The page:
In this Issue:
Source: Center on the Developing Child at Harvard University - July 11, 2008
The following webcasts and presentations from the National Symposium on Early Childhood Science and Policy, which was hosted by the Center on the Developing Child at Harvard University on June 26 - 27, 2008 are now available for viewing and listening to online at http://www.developingchild.harvard.edu/content/national_symposium.html
Source: Child Trends - July 11, 2008
A new Child Trends study entitled Involvement among Resident Fathers and Links to Infant Cognitive Outcomes, by Jacinta Bronte-Tinkew, Jennifer Carrano, Allison Horowitz, and Akemi Kinukawa, finds that fathers' involvement in a variety of activities with their infant children is positively associated with infant cognitive development. The study also shows that benefits are greater for male infants and for infants with a disability. The study is based on data from the Early Childhood Longitudinal Study - Birth Cohort, a nationally representative survey of children born in 2001. For more information go to http://jfi.sagepub.com/cgi/content/abstract/0192513X08318145v1
Source: Illinois Early Learning Council - July 7, 2008
At the request of the Illinois Early Learning Council, the University of Illinois (in collaboration with Chicago Metropolis 2020, a business advocacy group) has created an interactive, Web-based tool called the Illinois Early Childhood Asset Map (IECAM). IECAM combines community demographic information (on income levels, population distribution, Latino population, and parental employment) with data on early care and education from state agencies (birth to 5), Head Start, and the private sector. The site also includes a page of national resources that compare states on various indicators.
IECAM is designed to be used by state and local agencies, advocates, and proposal writers to inform planning for resource allocation. Funding has come primarily from foundations and state agencies. IECAM's creators would be glad to talk with other states who might be interested in doing something similar. IECAM is available at http://iecam.crc.uiuc.edu/. For more information contact Dawn Thomas at firstname.lastname@example.org
Source: ZERO TO THREE - July 7, 2008
ZERO TO THREE has published a new fact sheet on the State Children's Health Insurance Program (SCHIP), which expired on September 30, 2007. Last year, after two attempts by Congress to enact legislation to renew the program and two Presidential vetoes, a short-term extension was put in place to continue funding through March 31, 2009. The new SCHIP fact sheet is available at http://www.zerotothree.org/site/DocServer/SCHIP_Brief.pdf?docID=5661.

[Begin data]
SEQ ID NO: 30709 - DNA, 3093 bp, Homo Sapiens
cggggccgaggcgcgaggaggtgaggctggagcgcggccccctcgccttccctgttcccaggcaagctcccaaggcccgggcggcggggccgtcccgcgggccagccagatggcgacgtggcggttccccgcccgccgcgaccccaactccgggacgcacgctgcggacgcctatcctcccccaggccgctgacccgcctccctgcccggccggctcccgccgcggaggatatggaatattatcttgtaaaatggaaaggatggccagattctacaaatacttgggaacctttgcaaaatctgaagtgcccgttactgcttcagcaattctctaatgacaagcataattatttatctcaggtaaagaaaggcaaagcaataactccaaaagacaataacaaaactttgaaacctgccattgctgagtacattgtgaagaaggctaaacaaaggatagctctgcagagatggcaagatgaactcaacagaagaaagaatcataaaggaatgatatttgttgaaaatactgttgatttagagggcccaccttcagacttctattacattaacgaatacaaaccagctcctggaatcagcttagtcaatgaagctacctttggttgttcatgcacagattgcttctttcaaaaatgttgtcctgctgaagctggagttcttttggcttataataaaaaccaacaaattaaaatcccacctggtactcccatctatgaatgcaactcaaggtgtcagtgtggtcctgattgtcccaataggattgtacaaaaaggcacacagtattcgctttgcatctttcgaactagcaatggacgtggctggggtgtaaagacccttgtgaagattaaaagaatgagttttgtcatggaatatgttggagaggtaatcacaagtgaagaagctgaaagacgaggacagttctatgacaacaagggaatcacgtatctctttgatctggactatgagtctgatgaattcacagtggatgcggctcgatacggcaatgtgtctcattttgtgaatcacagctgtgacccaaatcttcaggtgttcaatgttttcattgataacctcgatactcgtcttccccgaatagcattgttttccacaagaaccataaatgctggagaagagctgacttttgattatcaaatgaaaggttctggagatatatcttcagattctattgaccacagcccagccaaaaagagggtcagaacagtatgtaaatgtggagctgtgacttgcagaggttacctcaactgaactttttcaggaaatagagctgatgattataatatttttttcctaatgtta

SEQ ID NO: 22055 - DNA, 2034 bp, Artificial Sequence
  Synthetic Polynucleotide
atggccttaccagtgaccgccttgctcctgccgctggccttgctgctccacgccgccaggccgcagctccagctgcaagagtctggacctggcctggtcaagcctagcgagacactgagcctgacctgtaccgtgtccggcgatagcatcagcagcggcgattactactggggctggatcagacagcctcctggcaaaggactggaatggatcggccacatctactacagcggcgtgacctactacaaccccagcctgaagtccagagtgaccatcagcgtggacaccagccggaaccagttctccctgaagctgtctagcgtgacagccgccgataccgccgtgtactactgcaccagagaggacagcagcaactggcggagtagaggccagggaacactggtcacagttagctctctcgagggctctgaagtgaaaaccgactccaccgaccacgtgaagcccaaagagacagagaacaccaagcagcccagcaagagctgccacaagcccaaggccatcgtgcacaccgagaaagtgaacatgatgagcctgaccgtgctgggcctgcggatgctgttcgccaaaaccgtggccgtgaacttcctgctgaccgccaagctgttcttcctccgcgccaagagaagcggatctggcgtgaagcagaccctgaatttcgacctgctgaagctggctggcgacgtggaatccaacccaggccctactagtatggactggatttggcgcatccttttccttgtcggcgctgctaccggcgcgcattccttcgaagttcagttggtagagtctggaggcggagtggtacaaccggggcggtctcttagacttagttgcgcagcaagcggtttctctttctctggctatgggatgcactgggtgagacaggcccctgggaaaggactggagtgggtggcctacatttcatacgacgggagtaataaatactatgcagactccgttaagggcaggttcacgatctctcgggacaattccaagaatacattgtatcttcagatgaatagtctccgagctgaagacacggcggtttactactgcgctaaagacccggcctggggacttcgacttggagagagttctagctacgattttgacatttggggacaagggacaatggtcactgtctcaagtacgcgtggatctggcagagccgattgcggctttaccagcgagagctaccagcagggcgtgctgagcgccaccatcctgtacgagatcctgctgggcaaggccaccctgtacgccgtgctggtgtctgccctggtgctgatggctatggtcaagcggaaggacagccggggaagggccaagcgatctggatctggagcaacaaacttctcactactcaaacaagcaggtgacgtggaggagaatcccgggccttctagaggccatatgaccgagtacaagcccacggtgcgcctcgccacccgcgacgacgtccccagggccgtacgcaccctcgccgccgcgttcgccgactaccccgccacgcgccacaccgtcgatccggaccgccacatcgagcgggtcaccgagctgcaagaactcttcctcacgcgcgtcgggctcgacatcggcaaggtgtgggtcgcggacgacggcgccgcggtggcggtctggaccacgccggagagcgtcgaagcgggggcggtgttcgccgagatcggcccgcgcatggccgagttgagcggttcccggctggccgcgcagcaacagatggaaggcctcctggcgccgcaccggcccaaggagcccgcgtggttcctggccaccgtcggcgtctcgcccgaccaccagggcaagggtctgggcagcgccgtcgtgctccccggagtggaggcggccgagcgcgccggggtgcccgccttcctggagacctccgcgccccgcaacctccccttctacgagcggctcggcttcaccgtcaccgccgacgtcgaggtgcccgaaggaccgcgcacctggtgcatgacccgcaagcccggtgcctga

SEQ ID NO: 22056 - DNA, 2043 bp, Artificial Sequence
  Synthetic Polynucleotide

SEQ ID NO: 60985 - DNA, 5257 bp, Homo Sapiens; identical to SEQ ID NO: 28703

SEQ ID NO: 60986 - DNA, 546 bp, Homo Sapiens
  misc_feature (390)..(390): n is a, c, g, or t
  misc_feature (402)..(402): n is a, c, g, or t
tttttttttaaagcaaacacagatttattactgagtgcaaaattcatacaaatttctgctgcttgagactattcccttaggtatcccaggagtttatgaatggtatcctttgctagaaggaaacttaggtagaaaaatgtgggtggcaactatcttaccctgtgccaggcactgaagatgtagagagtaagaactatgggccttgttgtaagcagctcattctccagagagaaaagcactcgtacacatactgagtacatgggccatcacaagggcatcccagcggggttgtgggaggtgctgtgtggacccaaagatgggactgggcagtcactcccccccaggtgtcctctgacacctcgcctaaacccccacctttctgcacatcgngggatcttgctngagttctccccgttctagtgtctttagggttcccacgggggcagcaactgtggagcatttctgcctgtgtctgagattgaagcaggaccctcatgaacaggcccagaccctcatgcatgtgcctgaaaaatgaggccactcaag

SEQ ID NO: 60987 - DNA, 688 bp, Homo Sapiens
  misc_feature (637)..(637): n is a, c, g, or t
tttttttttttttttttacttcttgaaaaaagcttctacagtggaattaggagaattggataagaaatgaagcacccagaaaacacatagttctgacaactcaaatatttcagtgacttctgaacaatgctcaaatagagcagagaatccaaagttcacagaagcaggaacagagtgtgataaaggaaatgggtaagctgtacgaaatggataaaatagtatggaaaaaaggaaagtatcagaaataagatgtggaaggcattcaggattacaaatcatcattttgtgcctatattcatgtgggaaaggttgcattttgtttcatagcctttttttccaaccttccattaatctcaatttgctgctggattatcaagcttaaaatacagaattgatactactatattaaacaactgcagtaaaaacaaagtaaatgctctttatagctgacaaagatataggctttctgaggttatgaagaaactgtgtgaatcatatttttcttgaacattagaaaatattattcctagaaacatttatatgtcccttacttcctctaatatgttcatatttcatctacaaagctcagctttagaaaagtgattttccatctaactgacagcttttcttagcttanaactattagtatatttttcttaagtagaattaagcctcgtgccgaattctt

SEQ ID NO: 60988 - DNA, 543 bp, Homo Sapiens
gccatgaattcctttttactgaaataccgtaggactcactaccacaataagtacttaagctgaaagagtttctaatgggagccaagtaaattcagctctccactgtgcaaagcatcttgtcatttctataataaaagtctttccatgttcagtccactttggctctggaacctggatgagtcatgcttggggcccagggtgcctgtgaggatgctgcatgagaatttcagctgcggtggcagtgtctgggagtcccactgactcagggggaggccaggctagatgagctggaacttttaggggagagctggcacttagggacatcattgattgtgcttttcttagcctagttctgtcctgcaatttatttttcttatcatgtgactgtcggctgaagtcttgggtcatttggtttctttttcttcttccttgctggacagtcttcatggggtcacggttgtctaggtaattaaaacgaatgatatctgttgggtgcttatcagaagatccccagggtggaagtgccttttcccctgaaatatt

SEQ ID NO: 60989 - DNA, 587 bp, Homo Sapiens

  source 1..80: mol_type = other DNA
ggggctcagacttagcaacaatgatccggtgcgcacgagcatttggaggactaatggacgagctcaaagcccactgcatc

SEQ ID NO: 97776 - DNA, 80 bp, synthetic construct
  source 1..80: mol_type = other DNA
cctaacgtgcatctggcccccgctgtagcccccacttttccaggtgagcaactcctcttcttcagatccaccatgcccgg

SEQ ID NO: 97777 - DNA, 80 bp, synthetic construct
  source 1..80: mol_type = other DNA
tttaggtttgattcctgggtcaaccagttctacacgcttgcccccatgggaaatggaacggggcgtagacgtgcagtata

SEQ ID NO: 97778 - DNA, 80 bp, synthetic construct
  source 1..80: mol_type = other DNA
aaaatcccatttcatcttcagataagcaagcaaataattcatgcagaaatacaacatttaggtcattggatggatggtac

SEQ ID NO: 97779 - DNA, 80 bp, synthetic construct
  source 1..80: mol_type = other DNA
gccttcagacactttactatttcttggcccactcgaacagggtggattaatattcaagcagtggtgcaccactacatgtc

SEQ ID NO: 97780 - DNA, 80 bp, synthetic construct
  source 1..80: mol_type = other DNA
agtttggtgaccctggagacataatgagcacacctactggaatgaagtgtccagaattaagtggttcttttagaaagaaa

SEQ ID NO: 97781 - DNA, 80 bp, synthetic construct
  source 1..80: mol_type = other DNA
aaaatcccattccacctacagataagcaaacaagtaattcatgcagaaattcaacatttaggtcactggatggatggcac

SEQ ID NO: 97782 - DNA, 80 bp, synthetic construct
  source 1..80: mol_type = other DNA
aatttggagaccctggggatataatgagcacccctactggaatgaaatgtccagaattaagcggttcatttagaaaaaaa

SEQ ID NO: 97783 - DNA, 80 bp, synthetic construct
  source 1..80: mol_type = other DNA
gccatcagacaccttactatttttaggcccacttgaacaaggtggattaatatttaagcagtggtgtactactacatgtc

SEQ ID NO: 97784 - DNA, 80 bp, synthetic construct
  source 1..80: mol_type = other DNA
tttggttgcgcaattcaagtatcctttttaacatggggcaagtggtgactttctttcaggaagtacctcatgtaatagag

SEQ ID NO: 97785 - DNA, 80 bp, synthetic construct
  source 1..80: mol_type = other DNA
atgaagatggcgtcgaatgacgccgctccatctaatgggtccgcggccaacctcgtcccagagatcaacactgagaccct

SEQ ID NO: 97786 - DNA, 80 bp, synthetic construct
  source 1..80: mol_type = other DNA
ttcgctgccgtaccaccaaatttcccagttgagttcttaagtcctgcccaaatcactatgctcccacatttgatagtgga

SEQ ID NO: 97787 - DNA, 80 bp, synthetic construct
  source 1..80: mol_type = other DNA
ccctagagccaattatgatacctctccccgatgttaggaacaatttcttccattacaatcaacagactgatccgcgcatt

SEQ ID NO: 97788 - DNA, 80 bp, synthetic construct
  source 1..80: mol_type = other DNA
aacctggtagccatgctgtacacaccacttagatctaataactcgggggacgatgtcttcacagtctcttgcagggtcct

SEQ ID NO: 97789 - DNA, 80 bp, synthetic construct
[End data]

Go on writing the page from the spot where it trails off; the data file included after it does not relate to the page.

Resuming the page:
Source: Center for Law and Social Policy - July 7, 2008
Individual state pages analyzing Head Start PIR data for 2006, which all programs are required to report to the federal government on an annual basis, are now available on the Web site of the Center for Law and Social Policy (CLASP). Data include information on programs, participants, families, and staff for all Head Start programs in each state, including preschool, Early Head Start, American Indian and Alaskan Native, and Migrant Head Start. To view the state pages go to http://www.clasp.org/publications/headstartpir2006.htm
Source: Federal Interagency Forum on Child and Family Statistics - July 11, 2008
The Federal Interagency Forum on Child and Family Statistics has published its 2008 report on the well-being of children and families, entitled America's Children in Brief: Key National Indicators of Well-Being, 2008. The report provides data organized into the following seven sections: Family and Social Environment, Economic Circumstances, Health Care, Physical Environment and Safety, Behavior, Education, and Health. It is available online at http://www.childstats.gov/americaschildren/index.asp
Source: MCH Alert - July 11, 2008
Substance abuse during pregnancy results in considerable adverse effects for women and their infants. Kaiser Early Start is a coordinated prenatal substance abuse treatment program that is part of Kaiser Permanente Northern California's (KPNC's) comprehensive prenatal program. A study involving 49,985 women in the KPNG program who completed prenatal substance abuse screening questionnaires between January 1, 1999, and June 30, 2003 shows that integrating substance abuse treatment with prenatal care is cost-effective and significantly decreases negative birth outcomes as well as maternal morbidity. To read a summary of findings go to http://www.mchlibrary.info/alert/2008/alert071108.html#4
Full article citation: Goler, N. C., Armstrong, M. A., Taillac, C. J., et al. (2008). Substance abuse treatment linked with prenatal visits improves perinatal outcomes: A new standard. Journal of Perinatology [published online ahead of print on June 26, 2008 - http://www.nature.com/jp/journal/v28/n9/abs/jp200870a.html]
Source: Commonwealth Fund - July 9, 2008
A new issue brief from the Commonwealth Fund entitled Colocating Health Services: A Way to Improve Coordination of Children's Health Care?, by Susanna Ginsburg, describes how colocating services--from mental health to nutritional counseling--in the same setting can strengthen a pediatric practice's ability to serve as medical home and address the multiple needs of young children and their families.